The New Cold War, like any way, claims the innocent just as easily as the guilty. At The Duran, we have been following the story of Maria Butina, the Russian gun-rights activist who was jailed in the US on charges of being an “unregistered foreign agent” in July of this year.
According to an article in RT published Sunday, September 9th, the American prosecutors were forced to step back and admit that they wrongly accused Ms Butina of offering sex in exchange for a job, apparently part of the core accusation which she is currently sitting in jail for.
US prosecutors … admitted that they wrongly accused Maria Butina, the Russian gun activist jailed in the US on charges of being an unregistered “foreign agent,” of offering sex in exchange for a job.
Days after Butina was arrested in July, Assistant US Attorney Erik M. Kenerson claimed she was offering an individual “sex in exchange for a position within a special interest organization.” The claim, which caused a storm in the mainstream media, has been disputed by her defense attorney Robert Driscoll.
However, in a filing on Friday, prosecutors in the US attorney’s office in Washington, including Kenerson, stressed that the July allegation “was based both on a series of text messages between the defendant and another individual.” They admitted that the “government’s understanding of this particular text conversation was mistaken.”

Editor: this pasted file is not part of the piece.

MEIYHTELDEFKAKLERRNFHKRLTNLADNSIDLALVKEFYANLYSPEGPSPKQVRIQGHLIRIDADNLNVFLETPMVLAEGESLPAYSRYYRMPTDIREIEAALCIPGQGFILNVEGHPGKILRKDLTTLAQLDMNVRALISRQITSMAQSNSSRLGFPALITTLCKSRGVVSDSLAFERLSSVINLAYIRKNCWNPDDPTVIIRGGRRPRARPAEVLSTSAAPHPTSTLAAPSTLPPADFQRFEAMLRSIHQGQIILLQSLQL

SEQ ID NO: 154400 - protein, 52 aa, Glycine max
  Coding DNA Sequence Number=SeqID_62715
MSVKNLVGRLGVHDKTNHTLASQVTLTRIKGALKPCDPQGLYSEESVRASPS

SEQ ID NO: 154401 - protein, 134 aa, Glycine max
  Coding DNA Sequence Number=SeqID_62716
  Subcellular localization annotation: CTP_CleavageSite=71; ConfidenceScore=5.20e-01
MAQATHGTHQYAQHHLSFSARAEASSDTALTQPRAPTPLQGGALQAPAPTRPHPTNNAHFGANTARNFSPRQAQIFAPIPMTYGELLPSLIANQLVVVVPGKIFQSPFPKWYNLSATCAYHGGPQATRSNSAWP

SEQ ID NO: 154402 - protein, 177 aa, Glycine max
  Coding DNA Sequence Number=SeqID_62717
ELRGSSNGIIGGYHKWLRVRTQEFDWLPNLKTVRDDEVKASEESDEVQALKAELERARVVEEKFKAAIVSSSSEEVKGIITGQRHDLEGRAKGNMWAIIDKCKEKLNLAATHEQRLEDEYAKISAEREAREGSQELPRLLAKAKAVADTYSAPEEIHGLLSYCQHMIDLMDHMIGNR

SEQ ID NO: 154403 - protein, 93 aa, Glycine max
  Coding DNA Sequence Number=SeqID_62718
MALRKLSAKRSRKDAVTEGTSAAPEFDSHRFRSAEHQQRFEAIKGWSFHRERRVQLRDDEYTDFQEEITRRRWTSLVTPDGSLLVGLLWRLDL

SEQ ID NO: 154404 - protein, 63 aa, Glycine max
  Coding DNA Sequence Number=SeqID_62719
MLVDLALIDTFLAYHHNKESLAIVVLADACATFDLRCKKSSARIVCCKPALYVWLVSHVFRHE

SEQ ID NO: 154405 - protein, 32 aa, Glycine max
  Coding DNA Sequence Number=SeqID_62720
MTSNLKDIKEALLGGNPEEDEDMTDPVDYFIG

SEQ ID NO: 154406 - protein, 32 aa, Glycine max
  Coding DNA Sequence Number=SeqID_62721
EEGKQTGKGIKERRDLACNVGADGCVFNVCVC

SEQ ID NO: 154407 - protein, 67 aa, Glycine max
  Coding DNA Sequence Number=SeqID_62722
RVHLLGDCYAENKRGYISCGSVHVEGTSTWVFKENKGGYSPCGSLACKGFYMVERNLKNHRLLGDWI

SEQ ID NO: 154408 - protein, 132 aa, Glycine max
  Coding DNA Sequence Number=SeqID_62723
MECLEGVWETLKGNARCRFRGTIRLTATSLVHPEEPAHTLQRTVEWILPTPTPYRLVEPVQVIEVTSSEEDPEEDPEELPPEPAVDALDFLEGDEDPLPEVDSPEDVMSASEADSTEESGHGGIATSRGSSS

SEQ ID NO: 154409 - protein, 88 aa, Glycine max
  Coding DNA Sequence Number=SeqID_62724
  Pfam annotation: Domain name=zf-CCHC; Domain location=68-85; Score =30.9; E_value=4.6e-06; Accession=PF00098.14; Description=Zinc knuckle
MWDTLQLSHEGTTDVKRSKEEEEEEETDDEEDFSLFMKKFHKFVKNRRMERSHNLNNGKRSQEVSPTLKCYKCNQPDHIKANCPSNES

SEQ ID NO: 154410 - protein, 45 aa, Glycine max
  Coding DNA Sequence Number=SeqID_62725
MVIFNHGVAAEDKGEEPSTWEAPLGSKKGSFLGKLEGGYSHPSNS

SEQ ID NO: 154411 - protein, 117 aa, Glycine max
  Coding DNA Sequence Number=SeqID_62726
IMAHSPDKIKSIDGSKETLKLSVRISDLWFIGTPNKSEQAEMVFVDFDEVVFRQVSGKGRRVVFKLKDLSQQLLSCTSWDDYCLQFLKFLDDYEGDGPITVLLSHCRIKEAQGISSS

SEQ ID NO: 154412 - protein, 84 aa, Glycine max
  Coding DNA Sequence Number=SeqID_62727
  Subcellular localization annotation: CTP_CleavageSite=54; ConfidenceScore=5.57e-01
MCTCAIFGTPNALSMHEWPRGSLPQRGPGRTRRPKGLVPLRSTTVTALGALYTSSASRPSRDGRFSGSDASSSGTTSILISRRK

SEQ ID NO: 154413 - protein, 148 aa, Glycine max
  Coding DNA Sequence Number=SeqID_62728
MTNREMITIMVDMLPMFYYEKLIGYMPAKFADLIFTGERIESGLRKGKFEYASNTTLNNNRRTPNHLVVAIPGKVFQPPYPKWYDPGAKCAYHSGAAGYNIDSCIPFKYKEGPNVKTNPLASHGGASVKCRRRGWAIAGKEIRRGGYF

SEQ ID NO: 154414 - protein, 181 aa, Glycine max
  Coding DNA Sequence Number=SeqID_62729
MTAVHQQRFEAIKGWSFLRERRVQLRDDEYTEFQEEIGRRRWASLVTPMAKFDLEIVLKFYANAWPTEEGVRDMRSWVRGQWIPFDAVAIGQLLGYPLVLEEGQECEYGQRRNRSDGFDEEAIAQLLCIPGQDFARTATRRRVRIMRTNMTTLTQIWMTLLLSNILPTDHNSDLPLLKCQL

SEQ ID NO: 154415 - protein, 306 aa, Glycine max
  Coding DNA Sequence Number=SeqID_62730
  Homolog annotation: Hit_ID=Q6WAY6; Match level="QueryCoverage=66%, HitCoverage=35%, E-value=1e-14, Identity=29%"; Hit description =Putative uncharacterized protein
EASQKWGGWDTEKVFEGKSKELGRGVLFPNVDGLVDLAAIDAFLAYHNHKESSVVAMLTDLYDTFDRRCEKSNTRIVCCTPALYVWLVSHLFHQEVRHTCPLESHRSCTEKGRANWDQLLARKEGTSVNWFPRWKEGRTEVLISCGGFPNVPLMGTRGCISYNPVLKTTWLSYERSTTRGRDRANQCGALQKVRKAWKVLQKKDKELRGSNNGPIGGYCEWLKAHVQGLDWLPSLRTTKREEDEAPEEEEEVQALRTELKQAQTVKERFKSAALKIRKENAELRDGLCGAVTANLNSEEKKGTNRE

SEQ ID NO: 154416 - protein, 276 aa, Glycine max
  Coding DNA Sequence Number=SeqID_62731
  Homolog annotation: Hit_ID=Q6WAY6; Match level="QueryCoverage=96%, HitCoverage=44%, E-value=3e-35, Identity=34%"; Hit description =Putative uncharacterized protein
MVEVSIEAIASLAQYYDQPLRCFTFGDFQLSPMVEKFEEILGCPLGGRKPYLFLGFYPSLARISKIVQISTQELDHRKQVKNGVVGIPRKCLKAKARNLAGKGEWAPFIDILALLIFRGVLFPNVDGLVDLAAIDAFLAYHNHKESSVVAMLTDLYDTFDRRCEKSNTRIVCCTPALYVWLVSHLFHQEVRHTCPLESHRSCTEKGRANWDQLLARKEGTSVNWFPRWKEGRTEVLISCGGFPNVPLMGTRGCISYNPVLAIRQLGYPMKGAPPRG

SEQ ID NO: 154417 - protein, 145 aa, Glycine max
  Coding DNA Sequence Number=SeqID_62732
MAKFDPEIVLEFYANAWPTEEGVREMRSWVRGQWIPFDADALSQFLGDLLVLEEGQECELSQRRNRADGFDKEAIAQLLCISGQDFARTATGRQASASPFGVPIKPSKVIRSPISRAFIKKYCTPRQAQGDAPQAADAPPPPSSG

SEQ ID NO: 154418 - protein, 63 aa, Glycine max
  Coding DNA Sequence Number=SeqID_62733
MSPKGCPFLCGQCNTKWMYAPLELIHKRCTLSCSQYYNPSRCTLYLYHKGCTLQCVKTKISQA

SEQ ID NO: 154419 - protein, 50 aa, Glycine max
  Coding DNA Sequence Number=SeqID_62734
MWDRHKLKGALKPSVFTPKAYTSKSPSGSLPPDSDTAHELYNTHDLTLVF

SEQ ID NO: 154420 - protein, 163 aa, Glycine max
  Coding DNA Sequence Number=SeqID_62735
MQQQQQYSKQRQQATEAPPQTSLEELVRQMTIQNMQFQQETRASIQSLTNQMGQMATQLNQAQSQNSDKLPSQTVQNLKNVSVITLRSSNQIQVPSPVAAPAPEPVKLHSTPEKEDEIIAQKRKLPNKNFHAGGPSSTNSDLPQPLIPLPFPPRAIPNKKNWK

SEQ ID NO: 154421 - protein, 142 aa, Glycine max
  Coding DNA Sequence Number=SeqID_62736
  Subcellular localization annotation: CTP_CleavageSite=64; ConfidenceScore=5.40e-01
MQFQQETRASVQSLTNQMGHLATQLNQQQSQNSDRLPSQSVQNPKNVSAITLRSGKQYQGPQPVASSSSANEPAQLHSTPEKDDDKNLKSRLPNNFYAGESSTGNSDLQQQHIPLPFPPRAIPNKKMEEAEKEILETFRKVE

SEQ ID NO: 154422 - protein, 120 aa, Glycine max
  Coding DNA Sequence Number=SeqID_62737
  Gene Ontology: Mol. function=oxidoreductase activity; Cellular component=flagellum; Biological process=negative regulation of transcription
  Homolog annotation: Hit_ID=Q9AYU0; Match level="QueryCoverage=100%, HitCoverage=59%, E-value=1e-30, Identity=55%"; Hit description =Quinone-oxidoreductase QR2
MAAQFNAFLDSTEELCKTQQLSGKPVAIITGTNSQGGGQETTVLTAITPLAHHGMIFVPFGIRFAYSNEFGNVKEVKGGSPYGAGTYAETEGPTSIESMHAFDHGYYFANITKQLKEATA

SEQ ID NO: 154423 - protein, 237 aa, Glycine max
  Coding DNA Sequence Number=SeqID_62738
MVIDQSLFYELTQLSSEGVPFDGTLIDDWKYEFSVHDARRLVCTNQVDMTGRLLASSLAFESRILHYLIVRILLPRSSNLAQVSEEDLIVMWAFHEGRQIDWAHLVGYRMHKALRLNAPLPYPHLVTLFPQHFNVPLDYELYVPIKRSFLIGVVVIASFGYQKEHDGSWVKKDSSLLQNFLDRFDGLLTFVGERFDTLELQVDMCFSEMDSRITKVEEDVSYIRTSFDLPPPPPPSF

Commenting on the Friday filing, Driscoll said that the US government has “enormous power to destroy lives and reputations through the criminal process…This is an unfortunate example of the misuse of that power. I’m glad the false allegation has been acknowledged, but it’s a hard bell to unring,” he told the Washington Post.
Butina, a Russian national lobbying for looser gun controls in her home country, moved to the US on a student visa in 2016. She graduated from American University in Washington DC with a master’s degree in international relations earlier this year. In July, she was arrested on charges of acting as a foreign agent without registering with the US government.
In August, Butina was unexpectedly transferred to another prison. According to the Russian embassy, which repeatedly described the arrest as politically motivated, Butina’s current conditions border on torture. “We have more and more questions for the US justice system,” the embassy said at the time. “Should allegations pressed against Maria before the actual trial condemn her to practices that are slightly below torture?”